Social Media Marketing
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Social Media Marketing
Relatively speaking, social media is still a new field in the world of marketing. Because of this, there is still a limited amount of theory on the subject; in a more academic sense, at least. Given the amount of time and resources modern-day business is spending on media like Facebook, Twitter, and LinkedIn, you desire them to be using some kind of social media marketing theory, to provide them with some direction.
The thing is, social media has developed so quickly, that the theory has simply not been developed quickly enough.
We can, of course, scrape a lot of data from social media activity and we can analyze it all day long. It gives us some insight into how businesses might shape their strategy to maximize engagement but what about the human side of social media? After all, that’s what makes it so unique as a marketing tool. What about the more subjective elements? Arguably this kind of analysis is more valuable to marketers.
About Social Media
We’ve designed a number of models which help to explain and define what people say and do online. This post highlights some of the key concepts explored in “#Winning at Social Media” and some of our related blogs here on the site.
Note that in this piece, we’re not focusing on the theory of how and why humans use social media. There is a lot of material available that looks at why consumers have an addictive connection with social media and the overall psychology of social media use. We’re going to focus on the business and marketing side.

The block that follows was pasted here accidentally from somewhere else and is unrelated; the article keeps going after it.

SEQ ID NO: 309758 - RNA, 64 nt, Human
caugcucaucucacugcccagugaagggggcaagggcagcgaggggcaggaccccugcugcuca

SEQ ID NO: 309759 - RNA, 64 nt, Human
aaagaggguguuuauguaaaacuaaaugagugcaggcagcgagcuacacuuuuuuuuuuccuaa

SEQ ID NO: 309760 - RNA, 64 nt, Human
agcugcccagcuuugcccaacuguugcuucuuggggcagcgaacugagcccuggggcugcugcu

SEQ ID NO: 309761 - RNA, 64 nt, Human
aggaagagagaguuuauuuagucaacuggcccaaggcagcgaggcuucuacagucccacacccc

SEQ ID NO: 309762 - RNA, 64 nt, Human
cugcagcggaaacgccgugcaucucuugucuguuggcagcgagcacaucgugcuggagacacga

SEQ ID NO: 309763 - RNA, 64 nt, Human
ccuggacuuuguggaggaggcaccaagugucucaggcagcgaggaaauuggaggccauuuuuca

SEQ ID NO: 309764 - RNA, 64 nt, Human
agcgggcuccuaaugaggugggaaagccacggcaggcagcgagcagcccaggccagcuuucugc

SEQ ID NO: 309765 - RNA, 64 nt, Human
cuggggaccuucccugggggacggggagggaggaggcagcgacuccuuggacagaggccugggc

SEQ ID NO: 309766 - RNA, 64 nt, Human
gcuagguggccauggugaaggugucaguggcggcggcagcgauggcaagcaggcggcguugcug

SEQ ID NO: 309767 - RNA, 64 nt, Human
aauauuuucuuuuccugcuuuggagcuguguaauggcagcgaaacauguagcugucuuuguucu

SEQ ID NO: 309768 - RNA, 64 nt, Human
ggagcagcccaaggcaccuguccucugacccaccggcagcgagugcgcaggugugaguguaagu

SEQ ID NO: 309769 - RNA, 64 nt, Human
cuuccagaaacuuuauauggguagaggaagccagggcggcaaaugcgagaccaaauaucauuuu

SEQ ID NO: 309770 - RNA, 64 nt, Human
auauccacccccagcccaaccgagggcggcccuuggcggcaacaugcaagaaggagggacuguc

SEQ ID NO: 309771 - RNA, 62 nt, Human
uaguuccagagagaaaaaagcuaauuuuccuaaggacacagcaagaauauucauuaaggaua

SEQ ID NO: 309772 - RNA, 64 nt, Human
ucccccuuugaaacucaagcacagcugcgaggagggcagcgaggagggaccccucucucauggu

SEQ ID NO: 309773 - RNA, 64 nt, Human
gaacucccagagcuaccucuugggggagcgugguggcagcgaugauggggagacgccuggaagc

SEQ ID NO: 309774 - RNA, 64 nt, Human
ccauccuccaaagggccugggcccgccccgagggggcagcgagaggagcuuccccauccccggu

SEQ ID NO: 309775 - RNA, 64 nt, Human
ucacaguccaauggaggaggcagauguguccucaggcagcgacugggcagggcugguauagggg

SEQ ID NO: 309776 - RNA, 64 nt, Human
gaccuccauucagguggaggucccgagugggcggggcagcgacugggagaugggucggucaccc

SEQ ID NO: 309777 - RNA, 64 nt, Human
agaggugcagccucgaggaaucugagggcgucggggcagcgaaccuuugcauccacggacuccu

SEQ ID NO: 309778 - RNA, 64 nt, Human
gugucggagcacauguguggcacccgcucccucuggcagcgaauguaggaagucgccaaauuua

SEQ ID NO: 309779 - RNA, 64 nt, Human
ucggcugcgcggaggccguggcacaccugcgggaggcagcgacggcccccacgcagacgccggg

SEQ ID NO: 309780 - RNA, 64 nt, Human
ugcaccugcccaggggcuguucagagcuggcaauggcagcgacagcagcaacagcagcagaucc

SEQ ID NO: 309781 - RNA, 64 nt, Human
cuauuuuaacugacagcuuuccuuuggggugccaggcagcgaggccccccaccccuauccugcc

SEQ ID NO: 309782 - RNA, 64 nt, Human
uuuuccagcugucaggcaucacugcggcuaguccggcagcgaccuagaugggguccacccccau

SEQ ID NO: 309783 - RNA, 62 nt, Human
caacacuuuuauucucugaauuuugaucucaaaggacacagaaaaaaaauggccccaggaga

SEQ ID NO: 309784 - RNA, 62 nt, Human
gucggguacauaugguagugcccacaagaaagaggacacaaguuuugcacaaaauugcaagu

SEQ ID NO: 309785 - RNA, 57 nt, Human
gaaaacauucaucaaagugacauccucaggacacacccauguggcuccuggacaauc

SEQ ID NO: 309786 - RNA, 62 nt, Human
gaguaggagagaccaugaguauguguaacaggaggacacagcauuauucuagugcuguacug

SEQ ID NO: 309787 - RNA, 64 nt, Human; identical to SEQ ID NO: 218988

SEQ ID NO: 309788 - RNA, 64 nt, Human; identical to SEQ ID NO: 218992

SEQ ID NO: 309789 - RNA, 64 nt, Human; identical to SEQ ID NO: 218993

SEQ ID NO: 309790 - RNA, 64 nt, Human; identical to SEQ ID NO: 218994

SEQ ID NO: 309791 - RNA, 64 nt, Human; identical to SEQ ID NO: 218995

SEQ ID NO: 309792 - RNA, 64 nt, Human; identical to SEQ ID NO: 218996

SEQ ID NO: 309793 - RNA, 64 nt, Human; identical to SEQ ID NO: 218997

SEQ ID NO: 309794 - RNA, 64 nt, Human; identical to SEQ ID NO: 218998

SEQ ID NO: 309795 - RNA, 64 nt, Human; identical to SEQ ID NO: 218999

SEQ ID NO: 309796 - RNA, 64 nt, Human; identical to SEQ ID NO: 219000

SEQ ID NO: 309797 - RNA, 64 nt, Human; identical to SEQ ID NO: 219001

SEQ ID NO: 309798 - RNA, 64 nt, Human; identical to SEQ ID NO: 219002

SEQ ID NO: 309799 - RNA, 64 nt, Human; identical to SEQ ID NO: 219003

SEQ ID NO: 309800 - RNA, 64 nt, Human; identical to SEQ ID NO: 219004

This is a taster of some of the basic models.
The Role of Social Media in Business
Social media plays a major role in the scope of digital marketing. Digital marketing plays a more or less important role in the overall marketing strategy trusting on the nature of the business, its sector, and its target audience. Over the years, there has been an assumption as to which role social media marketing should play within a business’s outward-facing presence.
Certainly, social media has at times been seen as a tool to increase customer loyalty and increase repeat investments through customer retention. But there are clear examples of when social media is used to develop brand awareness through viral content or paid advertising on Facebook, for example.
Not seeing the possibility of social media as a sales tool or to reach new audiences overlooks three key features;
- great content with a viral nature, making the most of the algorithms,
- paid promotion, and
- active interaction and outreach.
As people’s relationship with social media has evolved, we’re increasingly seeing brands use social media to leverage the power of influencers and achieve or amplify PR coverage.